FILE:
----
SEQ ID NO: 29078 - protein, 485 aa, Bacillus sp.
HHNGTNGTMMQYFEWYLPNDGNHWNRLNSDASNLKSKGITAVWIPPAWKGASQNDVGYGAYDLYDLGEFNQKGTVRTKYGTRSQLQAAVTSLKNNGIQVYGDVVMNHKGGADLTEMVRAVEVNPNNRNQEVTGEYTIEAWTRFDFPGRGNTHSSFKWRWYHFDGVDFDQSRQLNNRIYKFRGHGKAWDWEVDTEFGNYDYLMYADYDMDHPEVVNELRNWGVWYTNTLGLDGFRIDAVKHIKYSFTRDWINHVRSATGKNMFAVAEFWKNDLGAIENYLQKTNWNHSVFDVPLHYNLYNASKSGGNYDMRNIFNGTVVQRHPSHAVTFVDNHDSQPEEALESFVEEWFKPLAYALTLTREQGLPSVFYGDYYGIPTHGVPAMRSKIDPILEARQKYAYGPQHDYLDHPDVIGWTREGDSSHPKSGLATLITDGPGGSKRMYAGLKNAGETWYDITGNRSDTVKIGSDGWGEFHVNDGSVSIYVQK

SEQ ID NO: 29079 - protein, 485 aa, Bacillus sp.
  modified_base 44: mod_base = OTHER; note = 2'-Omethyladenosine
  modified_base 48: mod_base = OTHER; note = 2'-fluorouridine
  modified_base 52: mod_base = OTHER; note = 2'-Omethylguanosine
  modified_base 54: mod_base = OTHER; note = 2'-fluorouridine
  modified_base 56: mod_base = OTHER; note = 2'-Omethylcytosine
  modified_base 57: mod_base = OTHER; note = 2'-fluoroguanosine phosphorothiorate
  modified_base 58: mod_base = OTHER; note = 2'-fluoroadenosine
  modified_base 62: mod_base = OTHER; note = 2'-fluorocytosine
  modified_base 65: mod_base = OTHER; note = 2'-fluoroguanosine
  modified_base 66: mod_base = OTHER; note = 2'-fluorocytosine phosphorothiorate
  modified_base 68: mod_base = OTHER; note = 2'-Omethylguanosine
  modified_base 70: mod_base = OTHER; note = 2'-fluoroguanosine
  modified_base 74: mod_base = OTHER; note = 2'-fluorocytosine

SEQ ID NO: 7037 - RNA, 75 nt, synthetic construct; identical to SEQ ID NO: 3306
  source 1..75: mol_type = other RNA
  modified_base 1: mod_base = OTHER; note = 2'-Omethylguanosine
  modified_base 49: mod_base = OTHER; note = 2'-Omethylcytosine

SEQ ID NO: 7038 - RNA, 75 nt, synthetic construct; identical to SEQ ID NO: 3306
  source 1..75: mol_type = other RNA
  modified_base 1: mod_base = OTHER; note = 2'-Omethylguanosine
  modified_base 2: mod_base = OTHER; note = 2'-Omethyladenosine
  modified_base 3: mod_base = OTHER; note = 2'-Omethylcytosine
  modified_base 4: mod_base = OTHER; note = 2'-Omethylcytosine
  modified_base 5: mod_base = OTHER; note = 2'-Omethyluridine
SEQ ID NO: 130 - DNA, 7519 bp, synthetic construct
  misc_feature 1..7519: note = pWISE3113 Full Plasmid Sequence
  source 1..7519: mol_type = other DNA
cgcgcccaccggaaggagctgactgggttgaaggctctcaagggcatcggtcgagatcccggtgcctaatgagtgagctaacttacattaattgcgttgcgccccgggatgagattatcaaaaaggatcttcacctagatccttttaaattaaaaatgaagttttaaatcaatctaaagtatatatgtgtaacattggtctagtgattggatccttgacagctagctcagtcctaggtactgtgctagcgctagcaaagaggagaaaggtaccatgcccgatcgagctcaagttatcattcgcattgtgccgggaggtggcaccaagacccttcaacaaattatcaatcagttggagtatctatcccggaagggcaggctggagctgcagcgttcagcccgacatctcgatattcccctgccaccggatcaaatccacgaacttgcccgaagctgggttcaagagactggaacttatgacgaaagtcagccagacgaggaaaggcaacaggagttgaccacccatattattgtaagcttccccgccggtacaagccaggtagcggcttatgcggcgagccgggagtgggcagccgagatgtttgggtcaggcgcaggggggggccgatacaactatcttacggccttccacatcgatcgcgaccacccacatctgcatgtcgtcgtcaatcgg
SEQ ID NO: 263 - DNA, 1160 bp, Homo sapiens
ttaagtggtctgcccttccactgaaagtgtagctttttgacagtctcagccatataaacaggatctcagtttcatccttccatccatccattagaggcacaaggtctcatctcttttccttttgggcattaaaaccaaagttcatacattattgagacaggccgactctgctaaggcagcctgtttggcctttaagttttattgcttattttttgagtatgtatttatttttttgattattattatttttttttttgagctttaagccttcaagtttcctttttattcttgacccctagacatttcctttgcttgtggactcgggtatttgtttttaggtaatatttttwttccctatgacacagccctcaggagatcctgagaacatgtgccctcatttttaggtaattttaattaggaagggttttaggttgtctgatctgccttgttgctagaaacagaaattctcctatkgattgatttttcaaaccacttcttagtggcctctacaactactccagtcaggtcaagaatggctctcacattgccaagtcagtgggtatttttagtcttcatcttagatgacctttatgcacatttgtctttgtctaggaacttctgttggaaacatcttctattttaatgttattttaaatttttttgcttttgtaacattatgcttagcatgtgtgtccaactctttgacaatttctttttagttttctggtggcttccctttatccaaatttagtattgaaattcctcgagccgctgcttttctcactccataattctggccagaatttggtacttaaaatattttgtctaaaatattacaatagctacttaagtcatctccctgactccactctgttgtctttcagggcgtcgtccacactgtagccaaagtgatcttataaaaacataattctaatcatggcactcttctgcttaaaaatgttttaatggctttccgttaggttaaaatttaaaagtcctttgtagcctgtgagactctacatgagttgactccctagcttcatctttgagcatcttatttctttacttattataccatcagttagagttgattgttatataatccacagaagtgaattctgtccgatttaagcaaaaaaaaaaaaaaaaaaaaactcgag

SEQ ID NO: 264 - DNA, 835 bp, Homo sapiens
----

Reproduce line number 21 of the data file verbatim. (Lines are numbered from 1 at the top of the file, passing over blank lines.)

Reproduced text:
SEQ ID NO: 7038 - RNA, 75 nt, synthetic construct; identical to SEQ ID NO: 3306